The drawing to the right is a detail from a figure from my book, showing the harried flight engineer of a B-29 bomber. Click for the full image, which is the cover of an instruction book for using the “flight engineer’s computer.”1
The “computer” is the slide rule that the flight engineer is holding. It was designed by physicist Alex Green (1919–2014) of the Twentieth Air Force’s Operations Analysis Section to aid in the management of fuel consumption over the course of long flights (see a picture of the slide rule here).2
In the drawing, the cause of the flight engineer’s stress is the complexity of the slide rule. Some years ago, Green replied to an inquiry I emailed to him concerning the illustration: “I instructed the artist of our topographical unit to show the flight engineer as the most hardworking member of the flight crew and to recognize that what we wanted him to do was impossible unless we gave him some extra arms. The flight engineers computer might have been the most complex slide rule in history with some six independent variables needed for a calculation of the fuel consumptions rate.”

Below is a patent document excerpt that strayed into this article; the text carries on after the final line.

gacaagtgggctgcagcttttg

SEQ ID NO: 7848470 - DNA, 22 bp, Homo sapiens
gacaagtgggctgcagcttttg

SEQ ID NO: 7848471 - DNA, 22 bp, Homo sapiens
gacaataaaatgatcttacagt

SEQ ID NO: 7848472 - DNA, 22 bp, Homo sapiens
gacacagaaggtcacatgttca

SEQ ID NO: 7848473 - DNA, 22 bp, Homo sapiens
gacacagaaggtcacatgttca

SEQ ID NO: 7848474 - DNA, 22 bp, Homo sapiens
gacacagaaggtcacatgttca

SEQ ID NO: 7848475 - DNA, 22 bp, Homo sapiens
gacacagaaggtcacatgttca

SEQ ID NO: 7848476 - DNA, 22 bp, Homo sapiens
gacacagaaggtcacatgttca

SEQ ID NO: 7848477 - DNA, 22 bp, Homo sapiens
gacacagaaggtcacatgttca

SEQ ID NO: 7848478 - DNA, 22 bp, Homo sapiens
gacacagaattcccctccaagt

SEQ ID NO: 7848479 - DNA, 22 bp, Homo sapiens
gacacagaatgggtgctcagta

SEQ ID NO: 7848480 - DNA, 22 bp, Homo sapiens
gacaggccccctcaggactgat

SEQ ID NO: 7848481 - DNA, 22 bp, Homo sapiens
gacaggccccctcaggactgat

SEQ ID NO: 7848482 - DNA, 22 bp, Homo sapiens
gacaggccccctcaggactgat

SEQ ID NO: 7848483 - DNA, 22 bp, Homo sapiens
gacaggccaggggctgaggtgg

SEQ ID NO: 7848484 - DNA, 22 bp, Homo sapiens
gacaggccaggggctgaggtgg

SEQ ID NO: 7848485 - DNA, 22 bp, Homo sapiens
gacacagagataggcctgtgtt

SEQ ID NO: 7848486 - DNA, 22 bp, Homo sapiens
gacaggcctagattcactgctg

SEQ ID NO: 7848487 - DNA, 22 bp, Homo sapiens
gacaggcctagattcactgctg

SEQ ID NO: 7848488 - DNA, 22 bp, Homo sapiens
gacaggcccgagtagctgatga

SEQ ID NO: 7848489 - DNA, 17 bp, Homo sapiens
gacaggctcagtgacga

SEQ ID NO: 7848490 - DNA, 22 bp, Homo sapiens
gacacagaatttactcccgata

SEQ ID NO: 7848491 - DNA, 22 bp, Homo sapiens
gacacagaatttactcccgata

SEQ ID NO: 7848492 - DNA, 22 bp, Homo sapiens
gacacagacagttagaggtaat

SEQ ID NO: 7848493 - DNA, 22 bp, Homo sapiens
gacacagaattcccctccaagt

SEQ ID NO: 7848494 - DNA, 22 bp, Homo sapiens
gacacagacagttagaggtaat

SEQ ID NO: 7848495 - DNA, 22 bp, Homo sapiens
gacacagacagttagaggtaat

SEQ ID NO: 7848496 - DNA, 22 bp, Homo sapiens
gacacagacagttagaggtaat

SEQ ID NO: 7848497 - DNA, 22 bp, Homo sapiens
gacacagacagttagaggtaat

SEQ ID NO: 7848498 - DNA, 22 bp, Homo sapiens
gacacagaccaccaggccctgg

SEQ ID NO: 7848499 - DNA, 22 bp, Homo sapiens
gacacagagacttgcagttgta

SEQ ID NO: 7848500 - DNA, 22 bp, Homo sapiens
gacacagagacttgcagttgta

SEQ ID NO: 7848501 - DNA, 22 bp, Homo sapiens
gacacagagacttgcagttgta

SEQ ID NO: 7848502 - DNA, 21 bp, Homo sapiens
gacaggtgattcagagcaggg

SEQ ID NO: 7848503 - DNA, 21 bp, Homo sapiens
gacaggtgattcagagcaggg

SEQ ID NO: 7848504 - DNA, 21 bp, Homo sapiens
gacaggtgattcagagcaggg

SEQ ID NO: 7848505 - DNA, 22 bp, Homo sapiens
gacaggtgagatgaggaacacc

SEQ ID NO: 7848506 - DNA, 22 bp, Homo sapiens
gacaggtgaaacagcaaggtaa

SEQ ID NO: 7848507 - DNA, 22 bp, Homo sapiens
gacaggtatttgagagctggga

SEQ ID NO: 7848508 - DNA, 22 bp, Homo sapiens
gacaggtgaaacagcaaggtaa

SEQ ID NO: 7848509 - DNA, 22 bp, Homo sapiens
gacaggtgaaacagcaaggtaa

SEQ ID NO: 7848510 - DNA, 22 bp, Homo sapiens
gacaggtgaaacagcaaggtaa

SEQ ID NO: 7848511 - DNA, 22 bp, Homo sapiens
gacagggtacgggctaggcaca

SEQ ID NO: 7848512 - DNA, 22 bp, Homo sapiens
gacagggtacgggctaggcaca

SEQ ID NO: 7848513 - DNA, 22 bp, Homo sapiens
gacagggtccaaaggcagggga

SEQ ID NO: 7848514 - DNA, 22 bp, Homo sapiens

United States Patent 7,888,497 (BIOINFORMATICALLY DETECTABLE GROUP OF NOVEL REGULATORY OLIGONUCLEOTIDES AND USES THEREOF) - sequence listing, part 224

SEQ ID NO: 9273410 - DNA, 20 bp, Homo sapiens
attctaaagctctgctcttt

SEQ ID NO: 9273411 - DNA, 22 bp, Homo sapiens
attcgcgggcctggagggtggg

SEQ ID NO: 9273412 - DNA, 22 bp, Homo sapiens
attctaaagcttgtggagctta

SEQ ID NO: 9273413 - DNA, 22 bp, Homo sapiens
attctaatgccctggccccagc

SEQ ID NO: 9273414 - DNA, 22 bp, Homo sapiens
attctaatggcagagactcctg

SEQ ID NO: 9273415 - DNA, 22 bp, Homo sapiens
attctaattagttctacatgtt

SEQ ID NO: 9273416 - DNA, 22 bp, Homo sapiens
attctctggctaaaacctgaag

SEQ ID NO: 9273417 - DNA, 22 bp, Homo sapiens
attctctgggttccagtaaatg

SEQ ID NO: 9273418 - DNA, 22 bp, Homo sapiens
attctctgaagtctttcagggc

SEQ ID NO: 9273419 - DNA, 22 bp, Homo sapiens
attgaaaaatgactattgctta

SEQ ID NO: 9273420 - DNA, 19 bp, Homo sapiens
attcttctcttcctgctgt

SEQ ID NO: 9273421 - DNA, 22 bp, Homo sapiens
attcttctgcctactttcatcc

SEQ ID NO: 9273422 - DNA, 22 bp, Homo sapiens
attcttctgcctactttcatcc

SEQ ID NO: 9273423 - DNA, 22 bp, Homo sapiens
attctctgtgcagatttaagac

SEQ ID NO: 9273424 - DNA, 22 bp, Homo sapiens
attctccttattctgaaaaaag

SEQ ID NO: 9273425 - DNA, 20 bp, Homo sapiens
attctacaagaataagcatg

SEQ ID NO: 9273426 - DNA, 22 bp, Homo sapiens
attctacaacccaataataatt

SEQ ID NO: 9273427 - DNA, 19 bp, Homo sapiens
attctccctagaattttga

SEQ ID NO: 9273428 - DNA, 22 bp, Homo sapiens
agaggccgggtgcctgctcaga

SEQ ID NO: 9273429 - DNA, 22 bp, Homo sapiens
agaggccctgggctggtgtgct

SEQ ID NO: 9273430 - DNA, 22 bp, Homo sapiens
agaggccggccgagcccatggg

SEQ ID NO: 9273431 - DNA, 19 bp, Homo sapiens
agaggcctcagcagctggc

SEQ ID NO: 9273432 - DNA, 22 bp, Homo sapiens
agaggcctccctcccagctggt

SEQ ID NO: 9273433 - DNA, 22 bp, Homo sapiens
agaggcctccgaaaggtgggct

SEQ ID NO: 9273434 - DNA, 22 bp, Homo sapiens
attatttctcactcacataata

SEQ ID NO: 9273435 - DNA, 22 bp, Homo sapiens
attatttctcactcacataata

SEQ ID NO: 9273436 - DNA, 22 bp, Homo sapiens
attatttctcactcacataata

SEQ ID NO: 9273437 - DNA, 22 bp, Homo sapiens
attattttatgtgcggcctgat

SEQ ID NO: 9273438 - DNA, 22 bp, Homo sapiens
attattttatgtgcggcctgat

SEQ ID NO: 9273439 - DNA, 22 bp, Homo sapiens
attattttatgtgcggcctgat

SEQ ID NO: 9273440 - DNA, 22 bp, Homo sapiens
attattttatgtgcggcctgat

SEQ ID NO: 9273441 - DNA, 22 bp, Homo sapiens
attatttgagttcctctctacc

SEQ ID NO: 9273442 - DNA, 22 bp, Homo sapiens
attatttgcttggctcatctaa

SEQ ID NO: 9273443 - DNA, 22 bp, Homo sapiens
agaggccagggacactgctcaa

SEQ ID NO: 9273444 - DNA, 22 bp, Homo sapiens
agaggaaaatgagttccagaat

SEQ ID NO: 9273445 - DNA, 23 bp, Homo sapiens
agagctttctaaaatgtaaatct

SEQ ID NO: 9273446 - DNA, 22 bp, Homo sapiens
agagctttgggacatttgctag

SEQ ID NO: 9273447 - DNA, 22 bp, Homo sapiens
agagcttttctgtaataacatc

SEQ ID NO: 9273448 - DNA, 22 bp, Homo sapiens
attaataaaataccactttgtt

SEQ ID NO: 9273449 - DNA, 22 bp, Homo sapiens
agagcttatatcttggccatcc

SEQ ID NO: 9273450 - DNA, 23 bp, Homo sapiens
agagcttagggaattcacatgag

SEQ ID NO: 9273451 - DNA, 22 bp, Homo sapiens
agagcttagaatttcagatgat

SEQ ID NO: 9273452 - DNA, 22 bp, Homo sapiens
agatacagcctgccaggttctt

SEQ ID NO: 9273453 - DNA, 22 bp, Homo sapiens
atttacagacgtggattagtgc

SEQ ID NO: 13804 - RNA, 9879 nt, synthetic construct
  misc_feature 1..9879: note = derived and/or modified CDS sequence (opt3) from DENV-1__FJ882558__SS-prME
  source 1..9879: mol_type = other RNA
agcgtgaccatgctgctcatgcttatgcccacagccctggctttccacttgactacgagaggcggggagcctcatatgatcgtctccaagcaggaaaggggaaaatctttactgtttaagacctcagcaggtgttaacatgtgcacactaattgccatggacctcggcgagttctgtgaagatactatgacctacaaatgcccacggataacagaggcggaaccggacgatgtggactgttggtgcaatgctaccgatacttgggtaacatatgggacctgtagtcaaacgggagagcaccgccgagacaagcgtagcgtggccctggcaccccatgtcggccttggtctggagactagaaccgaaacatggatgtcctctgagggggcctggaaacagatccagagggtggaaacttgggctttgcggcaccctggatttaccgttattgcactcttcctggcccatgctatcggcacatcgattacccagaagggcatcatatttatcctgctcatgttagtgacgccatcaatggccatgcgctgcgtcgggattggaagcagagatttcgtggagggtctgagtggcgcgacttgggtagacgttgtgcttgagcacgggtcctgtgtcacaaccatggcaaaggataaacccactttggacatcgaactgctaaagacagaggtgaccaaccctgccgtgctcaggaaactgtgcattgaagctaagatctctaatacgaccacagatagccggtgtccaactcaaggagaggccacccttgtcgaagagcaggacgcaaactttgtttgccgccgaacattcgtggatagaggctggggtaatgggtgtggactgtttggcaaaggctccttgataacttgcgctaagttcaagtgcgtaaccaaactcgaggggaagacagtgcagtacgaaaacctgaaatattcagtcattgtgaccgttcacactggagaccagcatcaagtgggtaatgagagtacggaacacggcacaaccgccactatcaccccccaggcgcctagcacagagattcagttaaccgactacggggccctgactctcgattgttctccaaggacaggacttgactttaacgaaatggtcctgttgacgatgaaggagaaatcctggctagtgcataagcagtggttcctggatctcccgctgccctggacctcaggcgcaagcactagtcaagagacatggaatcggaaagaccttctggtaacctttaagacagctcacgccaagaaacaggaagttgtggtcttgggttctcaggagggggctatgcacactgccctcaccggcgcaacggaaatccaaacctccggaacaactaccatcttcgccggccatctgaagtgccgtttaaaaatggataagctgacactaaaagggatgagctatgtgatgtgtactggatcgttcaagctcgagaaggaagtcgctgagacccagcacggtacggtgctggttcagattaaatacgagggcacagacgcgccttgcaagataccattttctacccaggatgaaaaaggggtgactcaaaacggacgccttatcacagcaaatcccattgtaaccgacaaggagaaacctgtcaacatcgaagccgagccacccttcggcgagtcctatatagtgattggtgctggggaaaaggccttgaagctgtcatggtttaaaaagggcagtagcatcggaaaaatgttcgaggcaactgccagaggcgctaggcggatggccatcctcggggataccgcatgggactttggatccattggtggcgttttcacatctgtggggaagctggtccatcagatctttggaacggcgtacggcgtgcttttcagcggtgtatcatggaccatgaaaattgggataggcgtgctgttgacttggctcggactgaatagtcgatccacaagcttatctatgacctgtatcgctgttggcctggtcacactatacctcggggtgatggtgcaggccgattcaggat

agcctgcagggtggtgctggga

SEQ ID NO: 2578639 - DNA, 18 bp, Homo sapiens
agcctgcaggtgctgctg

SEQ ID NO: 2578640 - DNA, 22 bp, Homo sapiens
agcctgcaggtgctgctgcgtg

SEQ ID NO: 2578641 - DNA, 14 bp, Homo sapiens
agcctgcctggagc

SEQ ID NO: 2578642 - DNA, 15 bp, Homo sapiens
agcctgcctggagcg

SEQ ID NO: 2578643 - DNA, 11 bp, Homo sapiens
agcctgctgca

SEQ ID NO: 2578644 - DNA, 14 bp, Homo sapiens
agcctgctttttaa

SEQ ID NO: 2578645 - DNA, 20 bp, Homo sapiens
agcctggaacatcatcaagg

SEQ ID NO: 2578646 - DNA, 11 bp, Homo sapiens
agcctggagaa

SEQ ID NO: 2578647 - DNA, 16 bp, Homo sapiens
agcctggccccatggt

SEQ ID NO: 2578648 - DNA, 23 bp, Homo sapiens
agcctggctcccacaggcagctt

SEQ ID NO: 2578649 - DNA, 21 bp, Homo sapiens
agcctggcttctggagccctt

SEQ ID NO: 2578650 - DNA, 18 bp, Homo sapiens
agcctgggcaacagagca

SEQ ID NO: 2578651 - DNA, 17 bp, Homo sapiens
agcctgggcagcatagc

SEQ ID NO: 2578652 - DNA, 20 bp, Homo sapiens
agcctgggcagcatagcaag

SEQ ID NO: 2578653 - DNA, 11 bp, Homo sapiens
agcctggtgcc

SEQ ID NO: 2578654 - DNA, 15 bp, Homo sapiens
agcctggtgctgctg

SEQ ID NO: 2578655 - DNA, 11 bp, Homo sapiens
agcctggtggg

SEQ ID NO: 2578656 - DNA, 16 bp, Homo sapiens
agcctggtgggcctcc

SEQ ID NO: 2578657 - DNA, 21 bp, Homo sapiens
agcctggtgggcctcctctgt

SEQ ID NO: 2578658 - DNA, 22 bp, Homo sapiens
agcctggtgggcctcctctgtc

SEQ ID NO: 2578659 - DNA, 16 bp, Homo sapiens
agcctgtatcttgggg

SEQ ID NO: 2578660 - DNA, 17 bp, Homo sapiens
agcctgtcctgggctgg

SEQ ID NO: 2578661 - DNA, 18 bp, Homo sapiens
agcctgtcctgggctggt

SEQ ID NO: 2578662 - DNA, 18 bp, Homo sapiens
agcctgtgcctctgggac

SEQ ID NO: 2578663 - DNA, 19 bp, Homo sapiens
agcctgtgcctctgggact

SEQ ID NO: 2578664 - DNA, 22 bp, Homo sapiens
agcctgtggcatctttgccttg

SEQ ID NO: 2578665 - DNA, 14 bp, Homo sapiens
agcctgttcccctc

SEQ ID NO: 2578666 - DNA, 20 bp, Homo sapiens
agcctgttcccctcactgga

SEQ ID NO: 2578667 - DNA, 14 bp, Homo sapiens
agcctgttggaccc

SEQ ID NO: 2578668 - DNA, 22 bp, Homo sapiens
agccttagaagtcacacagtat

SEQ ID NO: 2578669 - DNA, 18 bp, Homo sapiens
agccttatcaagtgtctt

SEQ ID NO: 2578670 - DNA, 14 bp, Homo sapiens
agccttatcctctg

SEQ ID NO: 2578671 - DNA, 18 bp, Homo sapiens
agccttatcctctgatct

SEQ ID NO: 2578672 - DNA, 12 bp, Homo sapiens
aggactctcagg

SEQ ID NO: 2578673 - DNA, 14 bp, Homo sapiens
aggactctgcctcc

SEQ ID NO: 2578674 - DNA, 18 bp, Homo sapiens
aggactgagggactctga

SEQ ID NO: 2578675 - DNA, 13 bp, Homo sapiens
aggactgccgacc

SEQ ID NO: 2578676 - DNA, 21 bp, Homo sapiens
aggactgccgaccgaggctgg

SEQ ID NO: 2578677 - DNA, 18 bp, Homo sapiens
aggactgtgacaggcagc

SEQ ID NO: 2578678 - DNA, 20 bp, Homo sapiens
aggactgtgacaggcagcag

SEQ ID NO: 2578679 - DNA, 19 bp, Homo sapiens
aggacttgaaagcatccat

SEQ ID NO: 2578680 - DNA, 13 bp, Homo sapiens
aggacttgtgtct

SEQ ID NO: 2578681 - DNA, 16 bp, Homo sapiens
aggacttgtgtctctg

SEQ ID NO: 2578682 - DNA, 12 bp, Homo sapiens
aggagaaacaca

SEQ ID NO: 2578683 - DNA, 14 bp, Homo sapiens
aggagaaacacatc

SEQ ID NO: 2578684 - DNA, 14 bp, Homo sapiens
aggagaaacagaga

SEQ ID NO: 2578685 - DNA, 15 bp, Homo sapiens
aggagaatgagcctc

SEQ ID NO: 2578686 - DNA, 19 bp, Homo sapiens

One should also note that using such a slide rule was a task that came atop the flight engineer’s other, decidedly non-trivial duties. YouTube has increasingly become a treasure-trove of materials that would not previously have been readily available. Among materials that have recently appeared is the following training film for B-29 flight engineers, which nicely illustrates their typical responsibilities. An additional historical curiosity: one of the narrators is Ronald Reagan!
- Operations Analysis Section, Headquarters Twentieth Air Force, “Monthly Report for the Period 1 August to 4 September 1945,” Box 38, Papers of Curtis E. LeMay, Library of Congress Manuscript Division, Washington, D.C. ↩
- See Alex E. S. Green, “A Physicist with the Air Force in World War II,” Physics Today (August 2001): 40–44. ↩